Author(s): Theissen G
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Abstract Since 150 years it is hypothesized now that evolution always proceeds in a countless number of very small steps (Darwin in On the origin of species by means of natural selection or the preservation of favoured races in the struggle of life, Murray, London, 1859), a view termed "gradualism". Few contemporary biologists will doubt that gradualism reflects the most frequent mode of evolution, but whether it is the only one remains controversial. It has been suggested that in some cases profound ("saltational") changes may have occurred within one or a few generations of organisms. Organisms with a profound mutant phenotype that have the potential to establish a new evolutionary lineage have been termed "hopeful monsters". Recently I have reviewed the concept of hopeful monsters in this journal mainly from a historical perspective, and provided some evidence for their past and present existence. Here I provide a brief update on data and discussions supporting the view that hopeful monsters and saltational evolution are valuable biological concepts. I suggest that far from being mutually exclusive scenarios, both gradual and saltational evolution are required to explain the complexity and diversity of life on earth. In my view, gradual changes represent the usual mode of evolution, but are unlikely to be able to explain all key innovations and changes in body plans. Saltational changes involving hopeful monsters are probably very exceptional events, but since they have the potential to establish profound novelties sometimes facilitating adaptive radiations, they are of quite some importance, even if they would occur in any evolutionary lineage less than once in a million years. From that point of view saltational changes are not more bizarre scenarios of evolutionary change than whole genome duplications, endosymbiosis or impacts of meteorites. In conclusion I argue that the complete dismissal of saltational evolution is a major historical error of evolutionary biology tracing back to Darwin that needs to be rectified.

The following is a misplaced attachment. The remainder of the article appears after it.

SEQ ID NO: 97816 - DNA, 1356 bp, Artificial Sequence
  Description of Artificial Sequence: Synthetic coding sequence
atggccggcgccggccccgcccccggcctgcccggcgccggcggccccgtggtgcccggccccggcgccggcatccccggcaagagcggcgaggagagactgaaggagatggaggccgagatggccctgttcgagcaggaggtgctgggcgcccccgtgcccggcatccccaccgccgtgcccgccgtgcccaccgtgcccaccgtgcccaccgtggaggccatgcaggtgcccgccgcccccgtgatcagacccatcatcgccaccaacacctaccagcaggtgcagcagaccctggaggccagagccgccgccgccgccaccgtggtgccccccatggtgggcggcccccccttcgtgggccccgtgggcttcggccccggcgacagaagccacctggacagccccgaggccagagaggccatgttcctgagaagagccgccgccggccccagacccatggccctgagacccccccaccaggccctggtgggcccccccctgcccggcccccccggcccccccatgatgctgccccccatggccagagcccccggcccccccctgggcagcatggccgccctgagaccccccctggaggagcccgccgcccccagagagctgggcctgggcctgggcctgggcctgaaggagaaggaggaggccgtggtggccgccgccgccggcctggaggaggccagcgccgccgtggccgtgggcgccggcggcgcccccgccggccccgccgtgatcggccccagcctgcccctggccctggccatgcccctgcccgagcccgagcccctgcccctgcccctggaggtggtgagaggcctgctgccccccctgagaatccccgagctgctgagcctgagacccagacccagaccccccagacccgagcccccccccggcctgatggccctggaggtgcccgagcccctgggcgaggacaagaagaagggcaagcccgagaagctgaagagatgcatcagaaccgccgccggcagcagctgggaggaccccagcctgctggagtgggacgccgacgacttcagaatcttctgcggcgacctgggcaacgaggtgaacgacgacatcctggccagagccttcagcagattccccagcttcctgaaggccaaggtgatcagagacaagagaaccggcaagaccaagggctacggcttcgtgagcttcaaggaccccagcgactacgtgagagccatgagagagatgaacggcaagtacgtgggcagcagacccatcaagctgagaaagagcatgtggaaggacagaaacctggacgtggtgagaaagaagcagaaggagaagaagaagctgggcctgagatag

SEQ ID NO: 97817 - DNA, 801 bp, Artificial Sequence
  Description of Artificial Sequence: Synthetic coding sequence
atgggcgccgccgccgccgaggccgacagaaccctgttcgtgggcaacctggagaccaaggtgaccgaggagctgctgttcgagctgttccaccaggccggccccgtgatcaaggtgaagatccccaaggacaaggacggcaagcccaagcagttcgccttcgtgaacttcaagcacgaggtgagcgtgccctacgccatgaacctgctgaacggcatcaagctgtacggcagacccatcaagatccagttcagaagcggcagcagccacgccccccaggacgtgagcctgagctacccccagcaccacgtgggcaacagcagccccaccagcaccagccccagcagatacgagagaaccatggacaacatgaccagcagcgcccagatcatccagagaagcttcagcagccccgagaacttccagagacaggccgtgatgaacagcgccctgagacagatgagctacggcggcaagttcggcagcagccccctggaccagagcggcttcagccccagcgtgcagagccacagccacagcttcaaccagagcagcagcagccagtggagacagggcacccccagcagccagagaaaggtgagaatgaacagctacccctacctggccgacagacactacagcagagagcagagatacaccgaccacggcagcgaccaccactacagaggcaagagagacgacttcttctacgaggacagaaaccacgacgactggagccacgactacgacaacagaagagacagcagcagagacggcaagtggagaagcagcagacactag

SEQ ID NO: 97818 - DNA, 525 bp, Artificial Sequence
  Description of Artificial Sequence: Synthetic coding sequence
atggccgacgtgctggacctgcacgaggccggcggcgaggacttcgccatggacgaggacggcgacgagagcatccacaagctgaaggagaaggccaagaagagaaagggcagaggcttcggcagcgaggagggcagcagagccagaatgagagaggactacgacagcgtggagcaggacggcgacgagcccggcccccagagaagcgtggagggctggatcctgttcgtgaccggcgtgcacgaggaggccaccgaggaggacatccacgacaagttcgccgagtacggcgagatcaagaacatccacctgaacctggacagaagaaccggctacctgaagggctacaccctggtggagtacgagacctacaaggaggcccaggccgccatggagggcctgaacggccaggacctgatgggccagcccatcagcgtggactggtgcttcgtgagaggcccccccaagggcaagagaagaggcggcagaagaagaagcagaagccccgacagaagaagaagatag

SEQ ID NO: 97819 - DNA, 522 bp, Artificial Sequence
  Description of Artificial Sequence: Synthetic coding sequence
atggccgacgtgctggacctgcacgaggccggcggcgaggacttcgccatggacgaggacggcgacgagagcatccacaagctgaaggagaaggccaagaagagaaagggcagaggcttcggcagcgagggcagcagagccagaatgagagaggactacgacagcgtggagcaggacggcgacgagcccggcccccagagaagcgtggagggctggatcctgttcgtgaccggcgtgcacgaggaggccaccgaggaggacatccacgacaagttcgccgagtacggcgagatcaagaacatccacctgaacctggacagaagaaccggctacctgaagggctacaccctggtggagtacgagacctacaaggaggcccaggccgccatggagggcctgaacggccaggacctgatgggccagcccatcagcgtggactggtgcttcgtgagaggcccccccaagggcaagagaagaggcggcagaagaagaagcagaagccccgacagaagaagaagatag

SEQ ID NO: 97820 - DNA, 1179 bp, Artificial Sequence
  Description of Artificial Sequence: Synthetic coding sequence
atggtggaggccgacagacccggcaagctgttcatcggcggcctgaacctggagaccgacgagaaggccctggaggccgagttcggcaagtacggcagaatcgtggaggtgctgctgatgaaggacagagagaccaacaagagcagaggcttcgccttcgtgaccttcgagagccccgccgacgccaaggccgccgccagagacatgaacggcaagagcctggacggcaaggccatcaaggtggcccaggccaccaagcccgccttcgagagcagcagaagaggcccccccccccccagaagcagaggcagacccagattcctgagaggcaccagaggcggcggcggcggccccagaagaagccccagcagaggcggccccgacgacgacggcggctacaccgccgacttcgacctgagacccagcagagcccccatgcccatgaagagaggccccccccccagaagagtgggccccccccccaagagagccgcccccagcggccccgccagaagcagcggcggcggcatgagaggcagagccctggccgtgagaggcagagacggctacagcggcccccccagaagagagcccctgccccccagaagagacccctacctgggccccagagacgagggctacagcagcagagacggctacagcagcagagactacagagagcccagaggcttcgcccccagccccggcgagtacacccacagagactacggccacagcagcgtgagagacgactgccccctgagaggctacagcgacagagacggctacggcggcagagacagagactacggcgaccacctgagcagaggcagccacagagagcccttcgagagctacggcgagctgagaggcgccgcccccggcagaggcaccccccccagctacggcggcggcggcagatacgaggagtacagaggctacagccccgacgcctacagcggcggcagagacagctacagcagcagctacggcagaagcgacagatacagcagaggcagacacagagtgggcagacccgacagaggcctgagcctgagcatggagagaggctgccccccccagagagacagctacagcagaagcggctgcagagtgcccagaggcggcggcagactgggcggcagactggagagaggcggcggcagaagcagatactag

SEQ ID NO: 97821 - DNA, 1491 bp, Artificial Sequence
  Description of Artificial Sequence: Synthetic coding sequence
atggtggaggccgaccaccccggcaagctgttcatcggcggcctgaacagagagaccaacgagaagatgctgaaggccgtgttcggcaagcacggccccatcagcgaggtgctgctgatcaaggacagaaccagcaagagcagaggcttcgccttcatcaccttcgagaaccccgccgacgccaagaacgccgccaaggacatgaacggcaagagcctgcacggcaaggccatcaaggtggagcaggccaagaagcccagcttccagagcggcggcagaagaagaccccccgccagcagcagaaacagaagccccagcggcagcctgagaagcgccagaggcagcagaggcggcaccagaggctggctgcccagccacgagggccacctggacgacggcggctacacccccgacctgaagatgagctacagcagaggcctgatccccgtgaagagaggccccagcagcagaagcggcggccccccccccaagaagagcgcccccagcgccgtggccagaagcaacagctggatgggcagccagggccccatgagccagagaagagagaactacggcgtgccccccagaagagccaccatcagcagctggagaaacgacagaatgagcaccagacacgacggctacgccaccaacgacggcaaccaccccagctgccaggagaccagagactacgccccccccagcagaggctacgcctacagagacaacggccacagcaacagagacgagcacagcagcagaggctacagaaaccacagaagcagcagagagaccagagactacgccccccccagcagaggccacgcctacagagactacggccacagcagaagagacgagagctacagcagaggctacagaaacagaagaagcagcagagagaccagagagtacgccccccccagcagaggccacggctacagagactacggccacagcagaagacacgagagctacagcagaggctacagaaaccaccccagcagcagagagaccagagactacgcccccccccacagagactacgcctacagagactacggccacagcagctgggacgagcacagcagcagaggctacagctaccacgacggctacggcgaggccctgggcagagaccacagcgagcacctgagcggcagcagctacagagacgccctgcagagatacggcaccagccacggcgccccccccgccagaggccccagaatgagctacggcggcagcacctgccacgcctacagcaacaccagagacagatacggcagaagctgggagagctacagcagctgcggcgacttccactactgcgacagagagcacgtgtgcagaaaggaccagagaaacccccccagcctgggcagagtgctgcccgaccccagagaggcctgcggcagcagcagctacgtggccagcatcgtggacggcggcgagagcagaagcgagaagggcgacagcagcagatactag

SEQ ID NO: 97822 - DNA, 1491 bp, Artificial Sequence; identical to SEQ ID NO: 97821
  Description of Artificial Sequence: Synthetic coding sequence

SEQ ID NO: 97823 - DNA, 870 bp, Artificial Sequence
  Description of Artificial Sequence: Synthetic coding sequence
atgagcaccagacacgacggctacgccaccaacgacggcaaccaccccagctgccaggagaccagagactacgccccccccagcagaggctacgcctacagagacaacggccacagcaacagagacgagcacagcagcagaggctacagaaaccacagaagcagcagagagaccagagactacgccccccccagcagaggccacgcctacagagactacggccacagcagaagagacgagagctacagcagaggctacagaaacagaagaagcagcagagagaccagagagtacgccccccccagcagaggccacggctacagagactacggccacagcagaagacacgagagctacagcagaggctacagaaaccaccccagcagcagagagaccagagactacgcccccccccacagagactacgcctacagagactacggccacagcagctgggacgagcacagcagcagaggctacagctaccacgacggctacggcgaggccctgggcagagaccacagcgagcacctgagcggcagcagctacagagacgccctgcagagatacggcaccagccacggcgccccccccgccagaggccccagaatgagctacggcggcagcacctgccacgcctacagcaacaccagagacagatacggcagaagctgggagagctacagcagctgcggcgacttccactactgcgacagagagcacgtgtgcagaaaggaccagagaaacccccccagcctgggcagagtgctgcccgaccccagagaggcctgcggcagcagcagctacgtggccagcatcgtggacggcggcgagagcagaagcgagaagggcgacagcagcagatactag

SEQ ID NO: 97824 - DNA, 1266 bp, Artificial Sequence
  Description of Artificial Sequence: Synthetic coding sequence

This article was published in Theory Biosci
and referenced in Journal of Geology & Geophysics